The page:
A day spent exploring the endless alleyways of traders and vendors is culturally stimulating but physically exhausting. That is why Double Dogs Tea Room proves such a welcoming harbour from the frenetic pace of life outside. Excellent little tea house to take a break from the heat and noises of Chinatown. Highly recommend. It’s open Tuesday to Thursday: 13:00 – 21:00 and Friday to Sunday: 13:00 – 23:00.
This air-conditioned shophouse on Yaowarat serves a range of premium teas and Chinese cakes with all the pride and ceremony of a traditional tea room, and yet it is a casual hangout for weary visitors and more than the odd local too. Double Dogs Tea Room The decor is fairly simple, but spotlessly clean and everyone is given a heartfelt welcome by the owner, appropriately named, Khun Tee, and his staff. For newcomers to the world of tea, the menu is informative and easy to read, with separate sections on different tea types and regions.
Many will tell you that T&K Seafood is the best place to visit, and you might suspect it actually is when you see the cuing starts before the shop opens up around 5 pm. See my full review on T&S Seafood before you listen to any recommendations for this place. I had Tom Yam Kung, the famous Thai shrimp soup, and a whole steamed sea-bass with chili, garlic and what should have been a limy stock. Conclusions: A completely overcooked fish served with a stock that tasted like dishwashing water and a bowl of Tom Yam Kung (soup) that was just sweet and completely unbalanced. A hungry cat would turned away from the food they served me. T&K Seafood is, at least when I visited it, the definition of a tourist trap, and that might also be the reason why you won’t find any Bangkokians or locals eating there.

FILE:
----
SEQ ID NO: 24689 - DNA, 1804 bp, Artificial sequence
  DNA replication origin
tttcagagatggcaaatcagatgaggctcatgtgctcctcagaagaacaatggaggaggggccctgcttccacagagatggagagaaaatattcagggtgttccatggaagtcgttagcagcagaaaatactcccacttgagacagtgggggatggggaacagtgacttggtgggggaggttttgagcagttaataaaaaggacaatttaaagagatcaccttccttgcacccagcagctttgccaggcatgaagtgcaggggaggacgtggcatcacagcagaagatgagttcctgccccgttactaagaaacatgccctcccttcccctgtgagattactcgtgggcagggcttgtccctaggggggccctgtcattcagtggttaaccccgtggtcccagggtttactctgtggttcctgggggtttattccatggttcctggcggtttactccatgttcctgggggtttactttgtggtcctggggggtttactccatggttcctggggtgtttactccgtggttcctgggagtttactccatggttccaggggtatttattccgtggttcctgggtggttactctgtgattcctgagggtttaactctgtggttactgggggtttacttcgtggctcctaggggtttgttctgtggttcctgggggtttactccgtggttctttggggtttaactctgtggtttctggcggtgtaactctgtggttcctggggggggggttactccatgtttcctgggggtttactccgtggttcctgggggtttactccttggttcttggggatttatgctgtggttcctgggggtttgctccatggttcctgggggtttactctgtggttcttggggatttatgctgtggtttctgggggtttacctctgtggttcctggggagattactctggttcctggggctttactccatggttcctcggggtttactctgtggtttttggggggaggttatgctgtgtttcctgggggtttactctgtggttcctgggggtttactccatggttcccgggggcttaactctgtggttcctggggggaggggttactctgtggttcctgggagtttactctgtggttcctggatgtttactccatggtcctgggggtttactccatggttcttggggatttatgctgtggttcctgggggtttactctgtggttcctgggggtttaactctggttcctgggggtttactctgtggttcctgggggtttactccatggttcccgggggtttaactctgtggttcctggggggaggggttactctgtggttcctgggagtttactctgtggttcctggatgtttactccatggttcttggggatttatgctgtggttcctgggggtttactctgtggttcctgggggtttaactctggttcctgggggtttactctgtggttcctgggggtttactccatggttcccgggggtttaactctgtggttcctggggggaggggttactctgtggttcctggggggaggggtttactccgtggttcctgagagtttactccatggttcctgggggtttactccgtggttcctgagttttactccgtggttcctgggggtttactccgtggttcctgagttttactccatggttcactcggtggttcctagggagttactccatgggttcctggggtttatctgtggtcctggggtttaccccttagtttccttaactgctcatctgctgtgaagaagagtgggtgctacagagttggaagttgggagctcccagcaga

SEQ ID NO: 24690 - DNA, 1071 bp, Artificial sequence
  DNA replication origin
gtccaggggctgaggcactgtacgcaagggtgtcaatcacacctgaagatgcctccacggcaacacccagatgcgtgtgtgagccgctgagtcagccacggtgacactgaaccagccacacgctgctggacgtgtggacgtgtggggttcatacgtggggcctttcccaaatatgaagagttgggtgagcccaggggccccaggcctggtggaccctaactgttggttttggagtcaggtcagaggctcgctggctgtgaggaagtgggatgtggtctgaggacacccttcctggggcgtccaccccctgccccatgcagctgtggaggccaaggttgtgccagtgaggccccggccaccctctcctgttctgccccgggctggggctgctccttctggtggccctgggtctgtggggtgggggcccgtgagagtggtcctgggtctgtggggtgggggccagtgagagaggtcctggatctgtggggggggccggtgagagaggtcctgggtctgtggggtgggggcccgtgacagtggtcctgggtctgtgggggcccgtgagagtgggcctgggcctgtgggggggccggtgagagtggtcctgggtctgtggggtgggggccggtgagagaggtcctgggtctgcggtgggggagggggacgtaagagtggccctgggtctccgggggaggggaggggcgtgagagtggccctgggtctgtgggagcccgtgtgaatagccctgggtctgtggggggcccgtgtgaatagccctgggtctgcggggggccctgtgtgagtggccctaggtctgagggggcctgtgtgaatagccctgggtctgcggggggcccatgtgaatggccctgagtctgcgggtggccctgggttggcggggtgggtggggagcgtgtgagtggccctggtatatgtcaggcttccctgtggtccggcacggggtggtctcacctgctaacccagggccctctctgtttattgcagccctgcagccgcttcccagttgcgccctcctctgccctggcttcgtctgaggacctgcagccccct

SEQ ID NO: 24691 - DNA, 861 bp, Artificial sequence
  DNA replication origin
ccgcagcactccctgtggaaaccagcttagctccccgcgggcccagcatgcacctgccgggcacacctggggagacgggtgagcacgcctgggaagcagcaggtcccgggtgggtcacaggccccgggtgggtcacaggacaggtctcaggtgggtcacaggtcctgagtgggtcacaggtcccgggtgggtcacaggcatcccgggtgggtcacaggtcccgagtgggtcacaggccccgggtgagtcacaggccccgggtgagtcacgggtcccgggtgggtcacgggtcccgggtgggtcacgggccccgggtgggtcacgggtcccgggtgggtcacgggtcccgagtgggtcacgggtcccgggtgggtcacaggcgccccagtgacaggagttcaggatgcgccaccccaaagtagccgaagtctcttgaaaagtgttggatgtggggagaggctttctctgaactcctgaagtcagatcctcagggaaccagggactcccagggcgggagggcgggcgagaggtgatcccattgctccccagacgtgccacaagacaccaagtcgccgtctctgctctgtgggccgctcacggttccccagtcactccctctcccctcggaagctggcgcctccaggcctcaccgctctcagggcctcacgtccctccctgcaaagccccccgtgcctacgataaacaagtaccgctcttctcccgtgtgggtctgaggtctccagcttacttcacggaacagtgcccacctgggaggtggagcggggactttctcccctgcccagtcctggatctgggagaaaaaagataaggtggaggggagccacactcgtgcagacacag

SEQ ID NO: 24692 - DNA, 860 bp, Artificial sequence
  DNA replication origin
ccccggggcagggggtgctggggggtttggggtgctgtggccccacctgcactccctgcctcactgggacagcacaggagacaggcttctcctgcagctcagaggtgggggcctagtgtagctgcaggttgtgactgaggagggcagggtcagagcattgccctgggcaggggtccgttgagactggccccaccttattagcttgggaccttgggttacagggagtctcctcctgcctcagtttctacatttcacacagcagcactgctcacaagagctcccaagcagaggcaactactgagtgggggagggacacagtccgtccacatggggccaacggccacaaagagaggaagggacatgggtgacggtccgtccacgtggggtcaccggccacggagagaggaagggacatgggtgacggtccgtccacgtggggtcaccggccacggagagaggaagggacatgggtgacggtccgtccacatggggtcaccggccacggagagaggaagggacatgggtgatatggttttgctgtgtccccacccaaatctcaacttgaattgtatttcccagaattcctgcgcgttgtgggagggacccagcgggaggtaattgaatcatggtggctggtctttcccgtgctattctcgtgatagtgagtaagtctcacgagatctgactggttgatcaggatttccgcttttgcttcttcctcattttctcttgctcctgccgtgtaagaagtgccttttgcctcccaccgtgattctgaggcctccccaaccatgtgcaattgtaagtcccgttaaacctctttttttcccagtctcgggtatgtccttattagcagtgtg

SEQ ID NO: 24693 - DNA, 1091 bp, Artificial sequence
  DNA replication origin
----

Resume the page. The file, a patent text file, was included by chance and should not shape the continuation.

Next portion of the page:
There are of course other good options and stalls along Yaowarat Road, but I have tried to give you some of the best options along Yaowarat Road. In part two, where I will move into all the sub-sois of Chinatown, you will be given quite a substantial number of recommendations on where to eat.
It’s definitively not like 1782 or the 1930s, but it’s certainly not 2016 either. Chinatown is a small world on planet earth. They live by their own measurements, their own customs and principles. I presume it’s what academics would call a sub-culture. That is also, together with all the great food, what makes it worth a destination in it’s own. You should consider a stay-over. The choices for a decent room isn’t as obvious in Chinatown as in other parts of Bangkok. Changhai Mantion in Yaowarat Road doesn’t have a swimming pool, but it has tons of atmosphere in combination of being the perfect starting point for your food journey. They also have decent live Jazz music in the small coctail bar at the entrence of the hotel.
Personally, I prefer Chinatown during wintertime, as it isn’t as humid as in summertime or the rainy season.
I recommend using Yaowarat Road as your fixed point for orientation when in Chinatown. It is the parallel to the much bigger Thanon Charoen Krung. Click on the Chinatown tag to get more options and directions.
How to get there: There is no Skytrain (BTS) or underground (MRT) in Chinatown, but they are building one in Charoen Krung close to Yaowarat Road. That doesn’t really help you today, so until then, one option is to take the Metro to Hua Lamphong, 6 metro stops and 12 minutes away from MRT Sukhumvit station, which also interlink the BTS station Asoke (Terminal 21 shopping centre). If you take the BTS Silom line you can change at Silom and take the MRT from there, 2 stations heading west. You will for sure prefer that to a taxi in the rush hours. If you take a taxi from Hua Lamphong, insist on using the meter (as elswhere in Bangkok).
An option is the river express (Chao Phraya River Express), if you want to avoid the traffic. Get off at the Ratchawong Pier, and walk up from Ratchawong Road to Sampeng Lane and Yaowarat Road. A third option are buses – look for the number 1, 7, 8, 37, 49 and 75.